NEARLY 40,000 WORKERS AT THE UNIVERSITY OF CALIFORNIA (UC) WENT OUT ON A 24-HOUR STRIKE MARCH 20.
The strike, which took place at all 10 campuses and 5 medical centers affiliated with the UC system, is the largest strike of 2019 to date, thanks to the significant number of solidarity strikers.
The strike was called by the University Professional and Technical Employees (UPTE), CWA 9119, which represents 10,000 research and technical workers. Joining them in a solidarity strike were 5,000 health care workers also represented by UPTE, as well as 27,000 patient care and service workers represented by UC’s largest union, AFSCME 3299. All three groups of workers are currently working without a contract. Both unions have been in negotiations with UC for 22 months.
On the UC-Berkeley campus Wednesday, hundreds of striking cooks, custodians, gardeners, stage hands, social workers, lab techs and other workers picketed, often in pouring rain, in front of the university’s main entrance.
Their rain-soaked picket signs read, “UC for the Many, Not for the Few,” and picketers could be heard chanting “Education is a right, not just for the rich and white!”
Like thousands of other striking educational workers this year, the UC workers’ strike raised concerns about how the privatization of education and the outsourcing of jobs drives deep race, class and gender inequalities for educational workers and the students, patients and communities they serve.
AFSCME 3299 Executive Director Liz Perlman, speaking to In These Times from the UCLA medical center picket line, explained, “There’s a shadow workforce of thousands of workers who are paid half of what directly employed UC workers make, and who get no benefits, no health care, and have to rely on the state to survive. These workers are doing the exact same work, cleaning the exact same toilets, side by side our members for years at a time.”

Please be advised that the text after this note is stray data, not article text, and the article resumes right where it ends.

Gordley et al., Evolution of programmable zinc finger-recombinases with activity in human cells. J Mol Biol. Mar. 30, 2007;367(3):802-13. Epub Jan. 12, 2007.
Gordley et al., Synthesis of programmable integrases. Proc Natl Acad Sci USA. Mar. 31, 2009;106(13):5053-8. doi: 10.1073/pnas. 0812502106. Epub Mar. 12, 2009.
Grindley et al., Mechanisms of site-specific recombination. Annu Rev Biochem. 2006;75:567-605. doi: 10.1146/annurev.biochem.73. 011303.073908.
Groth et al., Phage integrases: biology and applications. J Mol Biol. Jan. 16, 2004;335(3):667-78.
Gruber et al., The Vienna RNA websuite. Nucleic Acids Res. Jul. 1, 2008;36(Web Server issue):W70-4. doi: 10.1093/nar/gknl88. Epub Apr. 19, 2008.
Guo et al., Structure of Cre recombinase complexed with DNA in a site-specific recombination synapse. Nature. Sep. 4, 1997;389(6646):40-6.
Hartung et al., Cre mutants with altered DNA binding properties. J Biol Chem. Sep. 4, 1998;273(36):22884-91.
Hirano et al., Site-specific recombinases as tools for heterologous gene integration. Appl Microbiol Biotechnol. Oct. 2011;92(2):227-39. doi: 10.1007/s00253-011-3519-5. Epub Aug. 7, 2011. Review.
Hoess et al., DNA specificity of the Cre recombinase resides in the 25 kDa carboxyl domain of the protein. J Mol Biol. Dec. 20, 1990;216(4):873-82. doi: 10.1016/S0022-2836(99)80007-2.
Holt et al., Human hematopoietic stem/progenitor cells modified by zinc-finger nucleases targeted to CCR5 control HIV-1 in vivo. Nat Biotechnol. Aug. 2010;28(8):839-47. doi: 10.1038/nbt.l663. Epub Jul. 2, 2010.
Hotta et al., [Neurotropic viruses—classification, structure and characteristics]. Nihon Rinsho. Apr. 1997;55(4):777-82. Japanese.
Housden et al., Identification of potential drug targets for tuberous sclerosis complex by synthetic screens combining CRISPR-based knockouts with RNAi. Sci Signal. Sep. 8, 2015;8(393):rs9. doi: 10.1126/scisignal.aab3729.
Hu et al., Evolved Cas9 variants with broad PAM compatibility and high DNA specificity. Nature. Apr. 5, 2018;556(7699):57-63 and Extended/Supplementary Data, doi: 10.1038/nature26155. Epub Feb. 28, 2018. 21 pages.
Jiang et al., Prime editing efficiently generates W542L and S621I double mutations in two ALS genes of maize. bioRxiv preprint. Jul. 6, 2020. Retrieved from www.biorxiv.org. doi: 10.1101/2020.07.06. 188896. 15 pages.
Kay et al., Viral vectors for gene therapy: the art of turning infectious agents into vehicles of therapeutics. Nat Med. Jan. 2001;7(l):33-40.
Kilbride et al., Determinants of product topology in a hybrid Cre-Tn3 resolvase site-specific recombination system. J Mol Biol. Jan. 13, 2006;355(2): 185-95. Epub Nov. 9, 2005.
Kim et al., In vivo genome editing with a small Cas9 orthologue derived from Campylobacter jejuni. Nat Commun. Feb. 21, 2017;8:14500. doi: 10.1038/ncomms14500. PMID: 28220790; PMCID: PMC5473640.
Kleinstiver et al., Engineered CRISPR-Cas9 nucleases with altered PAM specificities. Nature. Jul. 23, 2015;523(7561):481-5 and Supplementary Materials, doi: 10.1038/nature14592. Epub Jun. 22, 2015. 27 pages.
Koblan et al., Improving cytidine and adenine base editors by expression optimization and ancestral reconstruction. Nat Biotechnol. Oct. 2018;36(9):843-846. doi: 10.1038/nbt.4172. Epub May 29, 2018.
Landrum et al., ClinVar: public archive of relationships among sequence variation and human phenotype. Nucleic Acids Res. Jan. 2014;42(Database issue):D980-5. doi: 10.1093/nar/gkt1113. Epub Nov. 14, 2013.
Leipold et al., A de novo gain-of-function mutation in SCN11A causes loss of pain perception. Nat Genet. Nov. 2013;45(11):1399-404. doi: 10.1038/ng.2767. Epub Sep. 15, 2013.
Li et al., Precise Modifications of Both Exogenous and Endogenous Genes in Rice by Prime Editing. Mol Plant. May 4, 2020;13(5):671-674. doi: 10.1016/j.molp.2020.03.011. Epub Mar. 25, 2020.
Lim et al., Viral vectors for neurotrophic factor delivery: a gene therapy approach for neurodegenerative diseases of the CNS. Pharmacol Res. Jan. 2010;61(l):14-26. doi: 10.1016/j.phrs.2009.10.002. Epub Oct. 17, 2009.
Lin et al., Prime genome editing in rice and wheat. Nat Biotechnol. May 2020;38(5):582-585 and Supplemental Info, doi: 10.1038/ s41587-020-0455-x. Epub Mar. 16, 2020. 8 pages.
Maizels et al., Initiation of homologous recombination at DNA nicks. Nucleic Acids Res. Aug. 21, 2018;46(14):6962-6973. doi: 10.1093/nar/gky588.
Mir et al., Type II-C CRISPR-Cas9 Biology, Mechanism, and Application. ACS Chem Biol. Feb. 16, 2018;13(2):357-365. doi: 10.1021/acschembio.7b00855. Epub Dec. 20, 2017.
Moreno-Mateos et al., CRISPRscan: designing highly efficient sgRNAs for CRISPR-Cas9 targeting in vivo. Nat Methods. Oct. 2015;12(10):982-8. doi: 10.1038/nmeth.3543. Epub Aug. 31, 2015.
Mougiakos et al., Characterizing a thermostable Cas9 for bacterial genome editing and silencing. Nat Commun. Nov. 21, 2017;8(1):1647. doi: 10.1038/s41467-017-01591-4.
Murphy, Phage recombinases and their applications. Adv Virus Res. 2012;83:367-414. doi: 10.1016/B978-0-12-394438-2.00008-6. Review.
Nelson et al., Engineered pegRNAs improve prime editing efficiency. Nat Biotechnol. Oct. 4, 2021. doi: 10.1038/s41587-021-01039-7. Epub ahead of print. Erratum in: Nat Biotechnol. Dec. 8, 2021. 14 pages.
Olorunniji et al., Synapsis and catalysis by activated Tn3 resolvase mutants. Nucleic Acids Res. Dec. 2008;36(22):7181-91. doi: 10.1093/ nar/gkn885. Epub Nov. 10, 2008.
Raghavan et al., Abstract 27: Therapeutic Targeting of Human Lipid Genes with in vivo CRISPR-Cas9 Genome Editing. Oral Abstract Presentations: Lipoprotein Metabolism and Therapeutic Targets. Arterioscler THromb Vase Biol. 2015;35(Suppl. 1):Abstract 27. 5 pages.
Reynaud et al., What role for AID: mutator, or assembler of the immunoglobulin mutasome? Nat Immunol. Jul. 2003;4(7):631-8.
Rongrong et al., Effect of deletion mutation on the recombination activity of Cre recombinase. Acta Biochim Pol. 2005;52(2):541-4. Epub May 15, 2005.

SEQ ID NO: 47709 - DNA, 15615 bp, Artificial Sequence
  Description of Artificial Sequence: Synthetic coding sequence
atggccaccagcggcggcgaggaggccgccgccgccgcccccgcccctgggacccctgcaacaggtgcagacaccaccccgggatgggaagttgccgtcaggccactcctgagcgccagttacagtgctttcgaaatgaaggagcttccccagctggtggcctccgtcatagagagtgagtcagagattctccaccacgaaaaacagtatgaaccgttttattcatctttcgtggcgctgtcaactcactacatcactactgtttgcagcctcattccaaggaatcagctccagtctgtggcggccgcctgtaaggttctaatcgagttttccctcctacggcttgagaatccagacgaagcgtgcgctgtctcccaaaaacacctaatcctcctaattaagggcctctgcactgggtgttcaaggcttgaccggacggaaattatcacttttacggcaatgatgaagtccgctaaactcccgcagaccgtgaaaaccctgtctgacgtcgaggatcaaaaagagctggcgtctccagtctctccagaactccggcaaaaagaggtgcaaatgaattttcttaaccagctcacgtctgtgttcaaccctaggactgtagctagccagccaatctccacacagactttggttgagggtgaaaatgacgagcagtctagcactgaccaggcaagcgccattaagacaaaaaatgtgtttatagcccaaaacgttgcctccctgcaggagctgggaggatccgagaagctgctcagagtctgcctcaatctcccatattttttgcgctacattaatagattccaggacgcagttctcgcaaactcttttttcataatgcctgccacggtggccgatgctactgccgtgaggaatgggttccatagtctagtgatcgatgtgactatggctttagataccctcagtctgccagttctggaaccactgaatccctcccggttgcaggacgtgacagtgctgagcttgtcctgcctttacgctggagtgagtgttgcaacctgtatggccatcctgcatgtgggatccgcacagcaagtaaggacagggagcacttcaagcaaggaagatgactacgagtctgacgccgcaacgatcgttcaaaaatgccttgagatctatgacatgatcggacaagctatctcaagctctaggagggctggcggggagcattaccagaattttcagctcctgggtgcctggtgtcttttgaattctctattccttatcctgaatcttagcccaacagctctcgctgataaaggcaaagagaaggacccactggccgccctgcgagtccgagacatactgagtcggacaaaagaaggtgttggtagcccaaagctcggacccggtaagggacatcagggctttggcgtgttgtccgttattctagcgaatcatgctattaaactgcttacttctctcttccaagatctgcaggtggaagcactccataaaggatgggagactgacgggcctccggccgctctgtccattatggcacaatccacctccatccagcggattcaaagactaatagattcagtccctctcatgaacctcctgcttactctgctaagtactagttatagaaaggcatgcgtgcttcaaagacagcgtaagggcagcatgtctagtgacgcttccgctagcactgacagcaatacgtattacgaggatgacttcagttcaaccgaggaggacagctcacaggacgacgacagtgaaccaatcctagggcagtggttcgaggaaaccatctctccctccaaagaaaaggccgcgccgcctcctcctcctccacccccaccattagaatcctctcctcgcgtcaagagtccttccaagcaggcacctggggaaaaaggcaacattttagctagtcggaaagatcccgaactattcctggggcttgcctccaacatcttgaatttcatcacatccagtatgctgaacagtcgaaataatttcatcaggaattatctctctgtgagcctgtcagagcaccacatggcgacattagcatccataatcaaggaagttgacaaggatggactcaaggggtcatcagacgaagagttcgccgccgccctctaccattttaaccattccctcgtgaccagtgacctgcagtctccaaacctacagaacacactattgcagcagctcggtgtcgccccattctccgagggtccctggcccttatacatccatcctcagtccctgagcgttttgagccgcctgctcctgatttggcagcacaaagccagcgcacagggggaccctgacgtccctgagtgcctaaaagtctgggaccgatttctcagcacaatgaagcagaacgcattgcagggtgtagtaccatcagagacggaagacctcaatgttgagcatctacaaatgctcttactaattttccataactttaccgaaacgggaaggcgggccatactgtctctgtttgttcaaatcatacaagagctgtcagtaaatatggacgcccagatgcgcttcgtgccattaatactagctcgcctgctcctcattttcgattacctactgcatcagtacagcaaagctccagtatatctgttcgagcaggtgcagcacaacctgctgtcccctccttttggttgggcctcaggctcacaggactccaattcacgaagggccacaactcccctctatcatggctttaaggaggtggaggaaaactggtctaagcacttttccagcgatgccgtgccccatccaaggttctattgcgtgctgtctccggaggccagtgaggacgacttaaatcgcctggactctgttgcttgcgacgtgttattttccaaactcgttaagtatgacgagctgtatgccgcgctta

“The university is increasingly relying on those workers so they can use the money they save to reward those at the top. These workers—much like our members—are immigrants, people of color, and black and brown women who are the anchor in their family. When they are exploited, it exploits the entire community,” continued Perlman.
In 2017, the California State Auditor found that the UC Office of the President was paying exorbitant salaries to top-level executives and had failed to disclose $175 million in budgetary reserves, trashed by many in the media as a secret slush fund for administrators’ pet projects. At the the time of the report, UC had proposed a 3 percent hike in student tuition and was increasingly outsourcing once-career pathway jobs to private corporations that pay workers less.
According to a press release by UPTE, to try to curb this subcontracting and to defend full-time, living wage jobs, the union is demanding: “No more contracting out of University work to private companies, overtime-pay after 8 hours like other California workers, a path to full-time career positions, and no cuts to benefits.”
Multiple calls to the UC public affairs office for comment were not returned by the time this was published.
Vermont Senator and 2020 presidential hopeful Bernie Sanders spoke in support of striking workers at the UC-Los Angeles campus on Wednesday. Workers were expected back at work today.
“Workers went back to work today feeling strong about yesterday and inspired by being joined in Los Angeles by Bernie Sanders,” said Dan Russell, IT worker at UC Berkeley and Executive Vice President of UPTE, on March 21. “His presence helped reinforce that we’re part of a nationwide movement against inequality and that we are on the right side of this struggle.”
Here are some of the faces and voices of union members and their allies on the picket line at the UC Berkeley campus yesterday.